Turkey Talk: The North American turkey is native to Ontario, the United States and Mexico. Domesticated turkeys all over the world are descended from the wild turkey of North America. The Aztec Indians of southern Mexico domesticated them before the arrival of Europeans. The Spanish brought turkeys back to Europe after 1519, and turkeys eventually arrived in England around 1541. Turkeys were described, for instance, in Sumario de la natural historia de las Indias, published by Oviedo (1478-1557) in 1527. The French name for turkey is dindon, a shortened form of the earlier name coq d’inde: cock of the Indies. By West Indies they meant the Americas, of course. The Jesuits bred them in large numbers, and in some places the common name for turkey is jesuite. But then where did the English name for turkeys come from? The Portuguese used to capture African guinea-fowl, which they shipped to Europe through Turkish territory. For some time the African guinea-fowl and the North American Turkey were called by the same name, Meleagris (as in the classification of Linnaeus), until gradually “turkey” became restricted to the North American bird. Benjamin Franklin argued for the Turkey rather than the Bald Eagle to be our national bird.
James, a brother of Jesus (James 1.17): “Every good and perfect gift is from above, coming down from the Father of the heavenly lights, who does not vary or change like shifting shadows.”
Paul (1 Timothy 4:3): [Hypocritical liars] “forbid people to marry and order them to abstain from certain foods, which God created to be received with thanksgiving…. For everything God created is good, and nothing is to be rejected if it is received with thanksgiving….”
Ralph Waldo Emerson: “Cultivate the habit of being grateful for every good thing that comes to you, and to give thanks continuously. And because all things have contributed to your advancement, you should include all things in your gratitude.”
C.S. Lewis: “The settled happiness and security which we all desire, God withholds from us by the very nature of the world: but joy, pleasure, and merriment He has scattered broadcast. We are never safe, but we have plenty of fun, and some ecstasy. It is not hard to see why. The security we crave would teach us to rest our hearts in this world and oppose an obstacle to our return to God: a few moments of happy love, a landscape, a bathe or a football match, have no such tendency. Our Father refreshes us on the journey with some pleasant inns, but will not encourage us to mistake them for home.”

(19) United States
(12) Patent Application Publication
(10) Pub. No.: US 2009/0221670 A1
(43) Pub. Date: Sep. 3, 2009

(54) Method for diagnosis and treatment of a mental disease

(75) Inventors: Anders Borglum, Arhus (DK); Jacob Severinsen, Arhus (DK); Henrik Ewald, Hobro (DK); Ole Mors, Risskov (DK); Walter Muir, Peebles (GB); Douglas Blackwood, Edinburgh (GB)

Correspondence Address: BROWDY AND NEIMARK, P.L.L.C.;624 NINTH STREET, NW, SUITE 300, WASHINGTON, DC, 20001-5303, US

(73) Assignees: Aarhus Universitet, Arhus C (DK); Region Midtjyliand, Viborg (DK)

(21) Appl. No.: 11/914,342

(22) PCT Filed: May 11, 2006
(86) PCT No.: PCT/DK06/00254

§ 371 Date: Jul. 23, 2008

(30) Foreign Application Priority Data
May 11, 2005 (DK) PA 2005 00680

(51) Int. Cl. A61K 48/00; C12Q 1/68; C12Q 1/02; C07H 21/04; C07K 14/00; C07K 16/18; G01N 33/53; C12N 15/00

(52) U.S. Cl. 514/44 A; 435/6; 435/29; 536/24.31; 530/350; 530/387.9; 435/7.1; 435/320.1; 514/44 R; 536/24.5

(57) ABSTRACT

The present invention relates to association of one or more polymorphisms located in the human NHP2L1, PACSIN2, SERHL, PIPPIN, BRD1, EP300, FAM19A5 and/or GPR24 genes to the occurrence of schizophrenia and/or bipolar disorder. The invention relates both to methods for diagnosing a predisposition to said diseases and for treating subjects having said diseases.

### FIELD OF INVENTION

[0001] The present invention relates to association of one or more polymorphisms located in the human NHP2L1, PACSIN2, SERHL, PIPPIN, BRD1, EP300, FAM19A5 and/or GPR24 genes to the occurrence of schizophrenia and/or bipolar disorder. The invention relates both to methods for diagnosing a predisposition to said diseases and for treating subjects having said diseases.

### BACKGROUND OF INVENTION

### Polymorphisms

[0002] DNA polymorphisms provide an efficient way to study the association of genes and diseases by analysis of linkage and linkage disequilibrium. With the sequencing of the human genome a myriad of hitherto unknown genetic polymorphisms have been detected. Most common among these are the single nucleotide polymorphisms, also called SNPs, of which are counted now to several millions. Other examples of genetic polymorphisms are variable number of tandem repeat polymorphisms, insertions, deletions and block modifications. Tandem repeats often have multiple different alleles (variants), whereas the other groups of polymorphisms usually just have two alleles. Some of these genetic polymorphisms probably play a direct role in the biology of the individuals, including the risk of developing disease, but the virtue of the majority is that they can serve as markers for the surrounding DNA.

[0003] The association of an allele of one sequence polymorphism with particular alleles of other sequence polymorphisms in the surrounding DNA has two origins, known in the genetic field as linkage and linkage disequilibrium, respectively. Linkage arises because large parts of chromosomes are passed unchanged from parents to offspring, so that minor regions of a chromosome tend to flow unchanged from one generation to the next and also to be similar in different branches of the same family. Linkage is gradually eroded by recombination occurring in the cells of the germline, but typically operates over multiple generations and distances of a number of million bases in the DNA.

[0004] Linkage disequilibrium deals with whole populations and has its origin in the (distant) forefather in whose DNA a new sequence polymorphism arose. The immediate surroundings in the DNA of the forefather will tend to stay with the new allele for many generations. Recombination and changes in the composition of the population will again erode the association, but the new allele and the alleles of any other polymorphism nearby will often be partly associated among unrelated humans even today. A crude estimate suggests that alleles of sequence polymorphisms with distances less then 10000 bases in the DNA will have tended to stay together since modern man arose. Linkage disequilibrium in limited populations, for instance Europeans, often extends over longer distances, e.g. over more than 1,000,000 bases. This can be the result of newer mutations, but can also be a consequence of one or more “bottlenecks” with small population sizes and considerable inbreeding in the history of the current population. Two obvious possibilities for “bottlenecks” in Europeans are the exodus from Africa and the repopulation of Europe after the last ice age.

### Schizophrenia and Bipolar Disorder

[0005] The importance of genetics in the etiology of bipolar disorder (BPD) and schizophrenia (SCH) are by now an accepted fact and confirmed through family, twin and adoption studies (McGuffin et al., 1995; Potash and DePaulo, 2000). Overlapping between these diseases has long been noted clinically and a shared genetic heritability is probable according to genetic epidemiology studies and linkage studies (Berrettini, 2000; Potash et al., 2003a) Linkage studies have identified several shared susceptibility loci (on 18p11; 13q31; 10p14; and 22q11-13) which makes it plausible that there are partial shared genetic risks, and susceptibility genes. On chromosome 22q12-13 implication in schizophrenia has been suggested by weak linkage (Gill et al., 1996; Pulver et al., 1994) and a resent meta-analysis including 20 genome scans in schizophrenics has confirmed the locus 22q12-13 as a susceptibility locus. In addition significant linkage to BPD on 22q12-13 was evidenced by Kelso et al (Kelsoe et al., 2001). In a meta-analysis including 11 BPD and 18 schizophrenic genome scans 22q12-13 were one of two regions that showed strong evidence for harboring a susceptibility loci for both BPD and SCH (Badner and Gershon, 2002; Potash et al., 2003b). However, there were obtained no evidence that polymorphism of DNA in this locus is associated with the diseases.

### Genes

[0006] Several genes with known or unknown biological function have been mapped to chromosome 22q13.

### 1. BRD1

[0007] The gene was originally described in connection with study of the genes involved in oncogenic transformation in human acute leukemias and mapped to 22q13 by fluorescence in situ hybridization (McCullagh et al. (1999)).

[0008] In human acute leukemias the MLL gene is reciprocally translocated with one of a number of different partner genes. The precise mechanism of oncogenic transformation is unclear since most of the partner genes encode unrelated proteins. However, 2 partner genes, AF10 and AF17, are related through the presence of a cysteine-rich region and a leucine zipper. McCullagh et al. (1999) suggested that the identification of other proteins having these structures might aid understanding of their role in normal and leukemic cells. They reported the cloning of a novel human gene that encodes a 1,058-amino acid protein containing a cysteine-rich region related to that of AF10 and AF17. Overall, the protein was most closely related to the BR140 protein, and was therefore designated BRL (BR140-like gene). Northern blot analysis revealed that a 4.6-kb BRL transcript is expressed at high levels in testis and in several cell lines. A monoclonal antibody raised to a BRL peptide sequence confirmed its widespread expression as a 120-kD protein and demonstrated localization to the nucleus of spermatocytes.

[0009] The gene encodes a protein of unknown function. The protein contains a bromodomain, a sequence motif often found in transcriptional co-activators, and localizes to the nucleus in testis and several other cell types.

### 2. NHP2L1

The apostle John, in a vision (Revelation 7:12): “Praise and glory and wisdom and thanks and honor and power and strength be to our God for ever and ever. Amen!”
Exodus 23: 14-17; 1 Chronicles 29:10-14; Psalm 50:23; 92:1-4; 100:1-5; 116:12-13, 17; 136: 1, etc.; Psalm 145; Jonah 2:2,9; Romans 1:21; Ephesians 5:19-20; Philippians 4:4-7; Colossians 2:6-7; 1 Thessalonians 5:16-18; Hebrews 13:15; Revelation 7:12-17.
Psalm 145 also makes appropriate additional reading, or consider one of the antiphonal psalms, in which a leader and the rest of the family may read in turn (e.g., Ps. 118, 100-111; 140-150).
After the meal:
What a great time to read aloud Thanksgiving poetry and enjoy singing together!
Hymns and folk songs:
- Over the River and through the Wood (Thanksgiving Day, Lydia Child)
- Gather Round, ye thankful ones
- All good gifts (Godspell)
- For the Beauty of the Earth
- Praise to the Lord, the Almighty
- Come, Thou Fount of Every Blessing
- Come Ye Thankful People Come
- Now Thank We All Our God
- We Gather Together to Ask the Lord’s Blessings
These two poetry books are wonderful fun!
Finally, no list of our family Thanksgiving traditions would be complete without noting that we always watch the Macy’s Thanksgiving Day parade first thing Thanksgiving morning. Then, before the end of Thanksgiving break, we watch Miracle on 34th Street, which makes a perfect bridge between Thanksgiving and Advent (more on that in the next post).